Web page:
Agnon attempted to make his books canonical – that is, part of the Hebrew Bible. He wrote a modern Hebrew literature that was an extension and addition to the Bible in the same way that Virgil wrote an addition to Homer (and Dante to Virgil, &c). And he pulled it off. More than anyone, he connected the Israel of today to the Israel of David and Solomon.
Canon comes from κανών, the carpenter’s measure. Patristic writers used the word to describe the texts included in the New Testament (a story about a carpenter!), and that’s more or less how we use it today (though not how Helen uses it – don’t tell her I brought up an etymology!).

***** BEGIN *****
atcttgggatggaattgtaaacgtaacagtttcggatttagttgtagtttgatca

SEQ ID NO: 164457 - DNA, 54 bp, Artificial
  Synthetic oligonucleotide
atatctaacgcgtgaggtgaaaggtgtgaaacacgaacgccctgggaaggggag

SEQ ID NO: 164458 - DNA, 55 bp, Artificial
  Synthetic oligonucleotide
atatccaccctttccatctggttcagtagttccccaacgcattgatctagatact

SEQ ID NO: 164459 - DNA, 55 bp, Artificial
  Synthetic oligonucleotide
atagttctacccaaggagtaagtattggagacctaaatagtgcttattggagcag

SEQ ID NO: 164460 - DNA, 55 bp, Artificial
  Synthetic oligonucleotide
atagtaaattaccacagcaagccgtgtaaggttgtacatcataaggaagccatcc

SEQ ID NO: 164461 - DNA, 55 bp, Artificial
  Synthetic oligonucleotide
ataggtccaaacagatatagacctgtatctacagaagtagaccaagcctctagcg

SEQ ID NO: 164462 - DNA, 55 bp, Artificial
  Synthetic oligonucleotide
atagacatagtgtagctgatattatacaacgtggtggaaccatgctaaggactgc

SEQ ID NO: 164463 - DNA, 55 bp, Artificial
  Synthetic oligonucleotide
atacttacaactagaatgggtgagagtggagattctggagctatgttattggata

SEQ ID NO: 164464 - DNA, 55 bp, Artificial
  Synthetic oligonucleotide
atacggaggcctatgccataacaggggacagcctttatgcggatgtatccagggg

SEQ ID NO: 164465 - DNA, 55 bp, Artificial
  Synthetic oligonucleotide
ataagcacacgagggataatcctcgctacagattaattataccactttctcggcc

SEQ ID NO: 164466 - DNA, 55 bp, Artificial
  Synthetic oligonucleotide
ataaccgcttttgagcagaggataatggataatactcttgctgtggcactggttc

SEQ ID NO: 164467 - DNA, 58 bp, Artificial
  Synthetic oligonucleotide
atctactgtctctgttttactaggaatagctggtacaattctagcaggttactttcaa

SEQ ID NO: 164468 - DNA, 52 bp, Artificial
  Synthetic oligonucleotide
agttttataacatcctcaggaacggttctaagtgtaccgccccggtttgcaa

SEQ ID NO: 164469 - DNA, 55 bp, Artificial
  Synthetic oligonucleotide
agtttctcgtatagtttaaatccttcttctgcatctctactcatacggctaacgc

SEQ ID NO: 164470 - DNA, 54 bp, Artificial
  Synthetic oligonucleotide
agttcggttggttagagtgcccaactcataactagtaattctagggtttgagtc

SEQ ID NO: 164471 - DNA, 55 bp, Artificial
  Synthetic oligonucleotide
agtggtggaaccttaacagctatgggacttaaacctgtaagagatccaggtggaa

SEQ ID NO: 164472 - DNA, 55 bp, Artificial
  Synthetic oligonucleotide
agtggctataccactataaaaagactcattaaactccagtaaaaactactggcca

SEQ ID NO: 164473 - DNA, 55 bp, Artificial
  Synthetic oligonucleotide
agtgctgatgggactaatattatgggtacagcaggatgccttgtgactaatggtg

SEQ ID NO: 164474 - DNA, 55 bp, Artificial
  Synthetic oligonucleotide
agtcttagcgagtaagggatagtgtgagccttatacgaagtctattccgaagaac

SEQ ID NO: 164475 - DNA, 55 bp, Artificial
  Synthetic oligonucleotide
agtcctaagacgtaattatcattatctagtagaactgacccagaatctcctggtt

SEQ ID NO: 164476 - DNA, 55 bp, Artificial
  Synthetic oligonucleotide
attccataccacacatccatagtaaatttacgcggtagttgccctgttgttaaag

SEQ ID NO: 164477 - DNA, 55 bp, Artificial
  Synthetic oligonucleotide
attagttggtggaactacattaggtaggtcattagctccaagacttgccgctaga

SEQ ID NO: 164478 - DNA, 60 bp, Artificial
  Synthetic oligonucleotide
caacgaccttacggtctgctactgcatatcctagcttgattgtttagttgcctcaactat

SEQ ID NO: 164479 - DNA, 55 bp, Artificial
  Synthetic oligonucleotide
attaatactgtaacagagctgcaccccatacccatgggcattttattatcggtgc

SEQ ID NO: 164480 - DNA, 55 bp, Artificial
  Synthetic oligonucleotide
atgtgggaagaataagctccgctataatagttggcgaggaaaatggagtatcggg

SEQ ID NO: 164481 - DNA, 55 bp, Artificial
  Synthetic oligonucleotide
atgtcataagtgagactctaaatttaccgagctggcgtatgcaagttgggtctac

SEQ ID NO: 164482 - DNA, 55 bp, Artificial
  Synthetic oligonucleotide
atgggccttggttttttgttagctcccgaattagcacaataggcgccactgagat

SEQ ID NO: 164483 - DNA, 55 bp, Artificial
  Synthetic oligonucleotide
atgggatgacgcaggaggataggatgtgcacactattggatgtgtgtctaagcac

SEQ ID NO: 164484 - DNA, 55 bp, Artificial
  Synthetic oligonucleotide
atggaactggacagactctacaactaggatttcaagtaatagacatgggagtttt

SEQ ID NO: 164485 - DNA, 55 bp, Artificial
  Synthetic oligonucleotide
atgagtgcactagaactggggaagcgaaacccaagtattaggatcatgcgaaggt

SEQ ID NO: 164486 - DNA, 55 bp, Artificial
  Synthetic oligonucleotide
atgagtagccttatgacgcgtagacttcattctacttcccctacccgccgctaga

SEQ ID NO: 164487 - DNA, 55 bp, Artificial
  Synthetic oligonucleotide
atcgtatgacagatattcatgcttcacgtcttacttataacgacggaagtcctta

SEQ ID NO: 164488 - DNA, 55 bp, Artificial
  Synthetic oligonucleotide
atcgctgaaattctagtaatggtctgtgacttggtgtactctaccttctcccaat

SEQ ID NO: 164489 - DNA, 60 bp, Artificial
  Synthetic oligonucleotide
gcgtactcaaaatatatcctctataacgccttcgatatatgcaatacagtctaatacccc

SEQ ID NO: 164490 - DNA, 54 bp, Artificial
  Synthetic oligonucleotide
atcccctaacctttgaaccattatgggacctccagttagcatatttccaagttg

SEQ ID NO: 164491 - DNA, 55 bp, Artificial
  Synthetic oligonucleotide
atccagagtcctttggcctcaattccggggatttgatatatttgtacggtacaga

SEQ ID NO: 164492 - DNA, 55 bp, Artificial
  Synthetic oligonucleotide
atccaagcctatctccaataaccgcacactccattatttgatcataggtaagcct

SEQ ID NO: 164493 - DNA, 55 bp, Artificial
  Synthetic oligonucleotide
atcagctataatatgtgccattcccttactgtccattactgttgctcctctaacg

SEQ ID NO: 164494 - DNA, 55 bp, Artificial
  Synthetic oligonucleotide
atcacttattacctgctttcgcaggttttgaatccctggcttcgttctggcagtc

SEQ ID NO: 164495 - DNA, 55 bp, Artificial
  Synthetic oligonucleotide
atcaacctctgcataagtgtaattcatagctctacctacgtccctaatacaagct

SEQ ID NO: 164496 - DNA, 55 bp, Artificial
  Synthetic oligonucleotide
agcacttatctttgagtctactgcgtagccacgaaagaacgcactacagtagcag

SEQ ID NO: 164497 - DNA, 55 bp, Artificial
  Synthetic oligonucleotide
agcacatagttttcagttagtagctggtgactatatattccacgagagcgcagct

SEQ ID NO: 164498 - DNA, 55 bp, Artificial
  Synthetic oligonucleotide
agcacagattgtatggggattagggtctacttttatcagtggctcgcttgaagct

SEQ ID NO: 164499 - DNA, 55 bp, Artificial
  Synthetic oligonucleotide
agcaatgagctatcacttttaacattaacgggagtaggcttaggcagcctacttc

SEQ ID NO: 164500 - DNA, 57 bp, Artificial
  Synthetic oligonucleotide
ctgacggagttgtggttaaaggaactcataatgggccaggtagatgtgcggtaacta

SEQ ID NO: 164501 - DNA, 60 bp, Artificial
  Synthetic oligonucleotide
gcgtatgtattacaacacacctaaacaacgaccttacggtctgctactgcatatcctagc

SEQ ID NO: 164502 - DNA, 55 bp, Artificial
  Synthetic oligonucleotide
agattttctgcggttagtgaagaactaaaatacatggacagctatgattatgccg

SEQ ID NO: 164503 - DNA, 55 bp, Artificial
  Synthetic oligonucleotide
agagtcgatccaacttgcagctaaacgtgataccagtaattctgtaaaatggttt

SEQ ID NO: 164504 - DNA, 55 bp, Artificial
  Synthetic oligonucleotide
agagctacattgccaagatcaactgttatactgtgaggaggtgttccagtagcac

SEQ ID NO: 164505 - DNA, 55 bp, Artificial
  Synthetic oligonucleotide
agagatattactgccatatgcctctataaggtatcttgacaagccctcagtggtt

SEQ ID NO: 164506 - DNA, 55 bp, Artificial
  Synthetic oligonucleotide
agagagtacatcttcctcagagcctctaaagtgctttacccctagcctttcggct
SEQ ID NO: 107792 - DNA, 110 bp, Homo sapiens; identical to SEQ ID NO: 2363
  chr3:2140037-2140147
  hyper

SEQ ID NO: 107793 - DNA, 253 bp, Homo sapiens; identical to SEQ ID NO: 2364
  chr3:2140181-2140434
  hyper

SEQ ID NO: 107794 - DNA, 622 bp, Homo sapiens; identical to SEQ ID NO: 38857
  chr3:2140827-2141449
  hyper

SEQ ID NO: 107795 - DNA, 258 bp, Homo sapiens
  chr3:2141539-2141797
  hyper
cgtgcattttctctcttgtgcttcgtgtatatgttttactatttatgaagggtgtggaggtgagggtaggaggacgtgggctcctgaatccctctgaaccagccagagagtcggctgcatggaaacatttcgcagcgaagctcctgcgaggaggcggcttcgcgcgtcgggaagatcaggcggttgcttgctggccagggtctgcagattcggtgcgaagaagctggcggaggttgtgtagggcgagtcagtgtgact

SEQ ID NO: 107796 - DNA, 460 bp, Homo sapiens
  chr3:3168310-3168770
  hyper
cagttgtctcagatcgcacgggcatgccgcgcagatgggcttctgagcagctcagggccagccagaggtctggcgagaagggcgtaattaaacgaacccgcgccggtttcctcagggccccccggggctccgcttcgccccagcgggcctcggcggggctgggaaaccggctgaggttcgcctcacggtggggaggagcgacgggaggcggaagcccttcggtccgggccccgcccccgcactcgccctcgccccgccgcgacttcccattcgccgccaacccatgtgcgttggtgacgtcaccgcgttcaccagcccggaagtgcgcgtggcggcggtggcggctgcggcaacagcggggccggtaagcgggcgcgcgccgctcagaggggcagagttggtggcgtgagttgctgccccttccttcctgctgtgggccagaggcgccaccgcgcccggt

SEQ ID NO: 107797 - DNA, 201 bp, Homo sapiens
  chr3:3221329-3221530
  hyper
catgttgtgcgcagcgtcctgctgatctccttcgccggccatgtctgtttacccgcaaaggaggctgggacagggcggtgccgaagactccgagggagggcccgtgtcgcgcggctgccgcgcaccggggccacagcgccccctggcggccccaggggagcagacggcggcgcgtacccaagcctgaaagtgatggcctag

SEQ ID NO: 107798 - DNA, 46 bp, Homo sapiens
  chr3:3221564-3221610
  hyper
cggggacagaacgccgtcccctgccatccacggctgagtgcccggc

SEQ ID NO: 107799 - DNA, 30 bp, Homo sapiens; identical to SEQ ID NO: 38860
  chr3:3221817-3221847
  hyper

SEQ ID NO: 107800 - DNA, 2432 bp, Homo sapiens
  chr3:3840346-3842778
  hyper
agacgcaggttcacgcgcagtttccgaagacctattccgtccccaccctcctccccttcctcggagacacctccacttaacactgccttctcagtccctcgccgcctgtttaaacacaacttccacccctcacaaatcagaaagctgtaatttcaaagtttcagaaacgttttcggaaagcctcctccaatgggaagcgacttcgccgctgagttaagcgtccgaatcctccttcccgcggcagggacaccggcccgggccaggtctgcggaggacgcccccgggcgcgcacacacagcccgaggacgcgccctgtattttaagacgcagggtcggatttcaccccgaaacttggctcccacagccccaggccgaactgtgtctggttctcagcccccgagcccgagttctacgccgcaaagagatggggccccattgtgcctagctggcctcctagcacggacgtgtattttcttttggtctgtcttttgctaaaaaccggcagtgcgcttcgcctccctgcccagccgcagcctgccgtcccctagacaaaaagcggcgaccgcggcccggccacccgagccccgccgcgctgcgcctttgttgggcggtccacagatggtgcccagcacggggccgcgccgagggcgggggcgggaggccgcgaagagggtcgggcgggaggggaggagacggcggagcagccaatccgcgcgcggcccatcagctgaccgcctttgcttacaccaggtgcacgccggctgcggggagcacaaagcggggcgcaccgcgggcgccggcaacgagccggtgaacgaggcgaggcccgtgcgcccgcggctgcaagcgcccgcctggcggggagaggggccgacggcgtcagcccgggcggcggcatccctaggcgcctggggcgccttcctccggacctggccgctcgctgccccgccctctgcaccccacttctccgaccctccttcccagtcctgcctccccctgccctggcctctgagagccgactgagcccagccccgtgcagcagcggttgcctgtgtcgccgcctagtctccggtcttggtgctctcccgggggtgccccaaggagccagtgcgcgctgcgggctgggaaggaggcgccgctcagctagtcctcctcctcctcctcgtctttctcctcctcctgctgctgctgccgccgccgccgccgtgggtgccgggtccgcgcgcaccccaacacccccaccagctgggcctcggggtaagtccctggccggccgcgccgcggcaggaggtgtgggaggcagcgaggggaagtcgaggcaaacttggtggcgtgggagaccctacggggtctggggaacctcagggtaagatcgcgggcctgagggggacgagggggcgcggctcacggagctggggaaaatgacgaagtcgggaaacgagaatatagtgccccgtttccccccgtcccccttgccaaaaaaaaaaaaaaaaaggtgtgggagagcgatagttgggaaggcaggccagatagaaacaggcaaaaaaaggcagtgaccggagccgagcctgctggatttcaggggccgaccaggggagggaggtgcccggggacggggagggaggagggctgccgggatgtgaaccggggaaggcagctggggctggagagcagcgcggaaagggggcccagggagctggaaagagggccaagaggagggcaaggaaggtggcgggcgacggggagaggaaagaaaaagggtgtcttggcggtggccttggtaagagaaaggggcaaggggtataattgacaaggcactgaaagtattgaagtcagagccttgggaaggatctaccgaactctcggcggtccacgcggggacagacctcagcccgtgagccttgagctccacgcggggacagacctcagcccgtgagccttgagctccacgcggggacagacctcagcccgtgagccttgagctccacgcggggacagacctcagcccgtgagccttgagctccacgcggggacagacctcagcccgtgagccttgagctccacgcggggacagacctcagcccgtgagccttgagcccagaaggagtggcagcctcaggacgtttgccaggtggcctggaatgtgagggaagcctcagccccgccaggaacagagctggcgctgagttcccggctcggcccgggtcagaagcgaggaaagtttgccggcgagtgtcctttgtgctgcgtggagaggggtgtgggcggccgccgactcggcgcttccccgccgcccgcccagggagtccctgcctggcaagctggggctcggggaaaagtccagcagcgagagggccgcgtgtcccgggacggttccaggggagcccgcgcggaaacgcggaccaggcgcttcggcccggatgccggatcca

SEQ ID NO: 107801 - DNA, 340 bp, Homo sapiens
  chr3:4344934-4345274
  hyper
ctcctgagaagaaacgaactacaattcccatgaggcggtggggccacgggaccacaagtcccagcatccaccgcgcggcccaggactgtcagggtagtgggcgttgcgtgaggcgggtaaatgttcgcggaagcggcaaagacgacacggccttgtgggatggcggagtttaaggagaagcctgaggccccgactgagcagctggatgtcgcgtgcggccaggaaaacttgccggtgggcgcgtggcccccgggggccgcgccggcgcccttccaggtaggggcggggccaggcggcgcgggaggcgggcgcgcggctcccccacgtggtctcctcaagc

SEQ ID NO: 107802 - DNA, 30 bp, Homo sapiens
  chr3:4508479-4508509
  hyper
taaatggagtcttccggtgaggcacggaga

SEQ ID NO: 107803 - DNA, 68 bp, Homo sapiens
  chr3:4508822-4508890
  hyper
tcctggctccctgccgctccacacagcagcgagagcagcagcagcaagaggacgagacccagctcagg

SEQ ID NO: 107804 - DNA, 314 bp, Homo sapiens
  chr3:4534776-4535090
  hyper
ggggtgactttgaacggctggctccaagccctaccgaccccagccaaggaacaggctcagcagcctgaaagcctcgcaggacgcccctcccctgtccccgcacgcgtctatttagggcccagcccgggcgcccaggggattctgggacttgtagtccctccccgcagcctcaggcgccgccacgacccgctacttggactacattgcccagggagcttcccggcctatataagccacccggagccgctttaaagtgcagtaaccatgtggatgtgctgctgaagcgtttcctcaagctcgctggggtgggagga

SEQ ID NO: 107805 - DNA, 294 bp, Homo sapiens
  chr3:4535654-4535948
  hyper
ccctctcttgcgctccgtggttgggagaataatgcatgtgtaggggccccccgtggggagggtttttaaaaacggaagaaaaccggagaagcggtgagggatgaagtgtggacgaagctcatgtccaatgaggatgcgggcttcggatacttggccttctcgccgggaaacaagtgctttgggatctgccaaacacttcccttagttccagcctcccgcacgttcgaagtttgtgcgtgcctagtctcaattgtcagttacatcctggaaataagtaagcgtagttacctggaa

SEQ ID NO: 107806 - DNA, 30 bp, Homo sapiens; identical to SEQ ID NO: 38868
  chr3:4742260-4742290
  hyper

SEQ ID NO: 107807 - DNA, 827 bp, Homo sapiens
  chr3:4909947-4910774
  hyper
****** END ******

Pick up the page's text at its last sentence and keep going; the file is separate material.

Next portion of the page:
When I read the so-called Great Books, I have no doubt that they’ve become Biblical, i.e. true and perfect. The novels and poems and histories are all part of the one Book that begins with Genesis. As of yet there is no final chapter, though I gather that chapter is what the underground surrealists are writing down in their caves. When it’s finished, the world will end.